It used to cost me maybe $15 a week to get around town. Now it’s pretty much doubled. $30 a week for public transport might seem like chump change to those of you used to spending $12 on a cocktail, but for me, that extra $15 a week, that extra $60 a month, is a lot. Those are meals I’m skipping. I have never before had fear about where my next meal was coming from. And certainly I have resources, and thank God, I have a job, but this fear, much as I try to keep it at bay, is now revealing itself.

I don’t make as much money bartending as I did two years ago. People are going out less in New York. Part of this, and hence a reason musicians and bartenders also have it doubly difficult, is because Bloomberg’s police Mafia have now taken a stand against music venues and bars. Systematically, bars and venues are being invaded by troupes of heavy duty nightlife police, enforcing antiquated laws regarding dancing in bars (held over from Prohibition), stopping shows in midstream, basically shaking down club owners with fines and what not.

Certainly, I’m all for enforcing certain laws. And certain venues and bars certainly need to make sure they are up to code, and not over capacity. But to come into a thriving business in the middle of a thriving night, to hold the patrons hostage until their raid is complete, to fine businesses that have more than 3 people dancing—my God, that is fucking ridiculous. What is this, “Footloose”?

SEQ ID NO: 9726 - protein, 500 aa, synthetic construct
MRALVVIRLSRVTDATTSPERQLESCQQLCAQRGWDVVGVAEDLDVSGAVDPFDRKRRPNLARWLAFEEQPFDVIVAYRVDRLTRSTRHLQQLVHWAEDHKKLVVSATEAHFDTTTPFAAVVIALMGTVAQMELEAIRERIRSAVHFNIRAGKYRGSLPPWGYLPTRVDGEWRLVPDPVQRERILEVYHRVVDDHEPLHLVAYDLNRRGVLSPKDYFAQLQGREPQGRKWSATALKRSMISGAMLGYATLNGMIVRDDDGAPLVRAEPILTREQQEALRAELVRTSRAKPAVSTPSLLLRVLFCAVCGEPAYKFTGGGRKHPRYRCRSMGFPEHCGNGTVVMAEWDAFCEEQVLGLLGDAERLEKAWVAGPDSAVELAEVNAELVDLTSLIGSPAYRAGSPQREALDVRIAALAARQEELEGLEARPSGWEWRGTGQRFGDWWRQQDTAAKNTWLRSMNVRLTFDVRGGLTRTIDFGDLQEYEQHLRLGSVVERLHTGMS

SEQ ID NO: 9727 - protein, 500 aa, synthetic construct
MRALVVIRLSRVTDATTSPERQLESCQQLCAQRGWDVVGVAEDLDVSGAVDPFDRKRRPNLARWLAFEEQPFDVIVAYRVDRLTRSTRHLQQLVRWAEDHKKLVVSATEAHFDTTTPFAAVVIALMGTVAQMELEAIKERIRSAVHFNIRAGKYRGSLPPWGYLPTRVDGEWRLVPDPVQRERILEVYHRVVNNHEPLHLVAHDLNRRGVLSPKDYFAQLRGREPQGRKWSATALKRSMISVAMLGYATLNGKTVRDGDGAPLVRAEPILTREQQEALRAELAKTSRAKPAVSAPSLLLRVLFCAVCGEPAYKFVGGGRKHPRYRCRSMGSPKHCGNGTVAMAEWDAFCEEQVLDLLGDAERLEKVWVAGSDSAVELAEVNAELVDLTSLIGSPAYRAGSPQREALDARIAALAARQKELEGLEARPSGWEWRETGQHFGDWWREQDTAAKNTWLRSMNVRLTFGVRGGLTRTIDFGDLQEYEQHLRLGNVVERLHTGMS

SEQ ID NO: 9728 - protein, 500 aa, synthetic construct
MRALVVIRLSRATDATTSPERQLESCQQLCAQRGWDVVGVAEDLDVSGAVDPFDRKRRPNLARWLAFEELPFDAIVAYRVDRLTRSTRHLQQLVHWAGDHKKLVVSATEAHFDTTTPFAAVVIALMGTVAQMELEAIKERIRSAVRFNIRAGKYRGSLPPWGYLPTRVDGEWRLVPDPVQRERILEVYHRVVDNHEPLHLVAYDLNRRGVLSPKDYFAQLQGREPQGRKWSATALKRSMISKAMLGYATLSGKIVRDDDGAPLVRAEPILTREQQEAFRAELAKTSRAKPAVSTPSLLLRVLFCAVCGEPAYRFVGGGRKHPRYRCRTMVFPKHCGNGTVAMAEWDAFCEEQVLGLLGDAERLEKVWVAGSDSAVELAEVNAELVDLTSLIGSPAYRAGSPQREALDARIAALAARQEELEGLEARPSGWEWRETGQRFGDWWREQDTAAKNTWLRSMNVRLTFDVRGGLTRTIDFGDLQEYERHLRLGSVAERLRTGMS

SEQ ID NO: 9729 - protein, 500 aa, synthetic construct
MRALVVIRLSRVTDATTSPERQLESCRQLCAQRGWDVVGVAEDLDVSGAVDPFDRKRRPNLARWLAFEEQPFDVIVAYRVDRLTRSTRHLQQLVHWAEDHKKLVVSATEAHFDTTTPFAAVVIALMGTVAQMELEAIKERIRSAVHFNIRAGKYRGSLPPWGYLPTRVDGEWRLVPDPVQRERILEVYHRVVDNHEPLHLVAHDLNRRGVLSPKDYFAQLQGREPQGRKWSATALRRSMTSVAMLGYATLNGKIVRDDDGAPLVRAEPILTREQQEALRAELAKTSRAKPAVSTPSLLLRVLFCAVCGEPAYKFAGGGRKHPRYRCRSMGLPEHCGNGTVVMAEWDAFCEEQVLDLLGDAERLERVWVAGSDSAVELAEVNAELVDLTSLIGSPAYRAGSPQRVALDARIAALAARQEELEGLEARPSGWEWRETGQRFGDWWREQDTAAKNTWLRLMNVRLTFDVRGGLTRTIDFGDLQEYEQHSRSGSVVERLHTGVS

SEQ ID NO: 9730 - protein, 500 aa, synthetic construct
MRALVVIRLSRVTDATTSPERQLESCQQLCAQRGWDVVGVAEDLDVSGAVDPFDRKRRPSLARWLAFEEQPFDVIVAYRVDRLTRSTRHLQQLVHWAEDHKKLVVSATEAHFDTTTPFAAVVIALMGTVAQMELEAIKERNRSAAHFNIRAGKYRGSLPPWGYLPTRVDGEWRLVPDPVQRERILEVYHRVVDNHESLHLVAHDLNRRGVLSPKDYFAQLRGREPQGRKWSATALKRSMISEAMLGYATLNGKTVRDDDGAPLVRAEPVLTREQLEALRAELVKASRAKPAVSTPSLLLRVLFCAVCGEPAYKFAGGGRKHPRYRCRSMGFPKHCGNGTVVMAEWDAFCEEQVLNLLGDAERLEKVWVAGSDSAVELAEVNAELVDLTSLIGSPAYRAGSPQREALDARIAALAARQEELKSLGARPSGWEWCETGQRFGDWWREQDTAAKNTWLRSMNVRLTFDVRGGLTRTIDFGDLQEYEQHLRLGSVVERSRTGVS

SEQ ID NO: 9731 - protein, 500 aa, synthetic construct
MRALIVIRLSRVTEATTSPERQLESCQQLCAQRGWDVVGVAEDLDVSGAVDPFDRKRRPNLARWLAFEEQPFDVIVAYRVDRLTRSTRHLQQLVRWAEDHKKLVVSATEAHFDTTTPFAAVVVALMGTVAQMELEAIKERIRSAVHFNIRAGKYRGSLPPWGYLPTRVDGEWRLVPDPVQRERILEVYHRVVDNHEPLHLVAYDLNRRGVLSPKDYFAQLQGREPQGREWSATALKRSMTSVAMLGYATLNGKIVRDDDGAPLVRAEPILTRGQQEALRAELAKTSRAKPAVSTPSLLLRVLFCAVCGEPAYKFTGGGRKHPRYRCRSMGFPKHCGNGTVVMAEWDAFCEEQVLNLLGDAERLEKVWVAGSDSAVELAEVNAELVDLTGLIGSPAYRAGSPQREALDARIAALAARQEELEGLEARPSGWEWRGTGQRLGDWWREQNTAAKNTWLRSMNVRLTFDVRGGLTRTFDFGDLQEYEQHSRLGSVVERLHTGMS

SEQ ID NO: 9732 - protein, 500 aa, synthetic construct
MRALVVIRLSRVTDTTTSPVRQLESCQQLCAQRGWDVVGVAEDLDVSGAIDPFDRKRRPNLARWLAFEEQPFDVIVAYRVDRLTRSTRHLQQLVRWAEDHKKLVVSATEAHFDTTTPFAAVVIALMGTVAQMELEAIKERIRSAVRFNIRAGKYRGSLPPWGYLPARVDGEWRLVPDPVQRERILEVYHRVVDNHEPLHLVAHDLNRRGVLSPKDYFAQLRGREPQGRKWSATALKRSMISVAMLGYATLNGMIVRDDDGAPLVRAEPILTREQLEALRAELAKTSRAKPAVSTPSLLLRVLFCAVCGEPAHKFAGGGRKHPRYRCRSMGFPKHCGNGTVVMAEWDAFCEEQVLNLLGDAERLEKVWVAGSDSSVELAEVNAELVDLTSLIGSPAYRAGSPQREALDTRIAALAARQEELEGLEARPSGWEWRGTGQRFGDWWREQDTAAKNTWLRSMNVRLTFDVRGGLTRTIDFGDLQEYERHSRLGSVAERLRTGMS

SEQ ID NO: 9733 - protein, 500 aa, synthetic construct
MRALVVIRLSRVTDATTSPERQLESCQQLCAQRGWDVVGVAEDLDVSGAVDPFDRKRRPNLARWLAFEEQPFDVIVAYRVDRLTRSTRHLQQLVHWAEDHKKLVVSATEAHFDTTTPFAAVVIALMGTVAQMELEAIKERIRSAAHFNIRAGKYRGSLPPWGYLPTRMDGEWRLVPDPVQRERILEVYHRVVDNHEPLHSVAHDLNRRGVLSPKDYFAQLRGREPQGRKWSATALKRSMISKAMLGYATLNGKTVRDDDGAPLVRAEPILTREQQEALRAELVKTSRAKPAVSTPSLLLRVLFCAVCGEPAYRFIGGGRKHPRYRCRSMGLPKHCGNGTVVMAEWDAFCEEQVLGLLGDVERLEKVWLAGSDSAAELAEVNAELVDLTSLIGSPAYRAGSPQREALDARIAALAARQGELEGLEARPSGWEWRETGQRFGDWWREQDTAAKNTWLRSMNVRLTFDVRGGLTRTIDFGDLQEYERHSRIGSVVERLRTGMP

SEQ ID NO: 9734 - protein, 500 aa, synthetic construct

Let me give it to you straight: Bars in New York, especially music venues, are hard businesses to run. And regardless of how a bar appears to be doing, the quirky, cool places that I assume many folks go to for music have ridiculous overhead and rent. We buy liquor and beer on credit most of the time. Our electric bills are staggeringly high because of necessary refrigeration and climate control. We have to pay certain taxes other businesses don’t. We have to pay our staff, and of course simple things, like upkeep, cleaning products, etc. Then on top of that, we have to get people in the club drinking and enjoying themselves, and hope that we have enough to pay the bills. So we’re already operating at a fringe, and most of the time profits are scant. We’re lucky to break even. And even luckier if all of our bills are paid for. Very few bars and restaurants are in the black.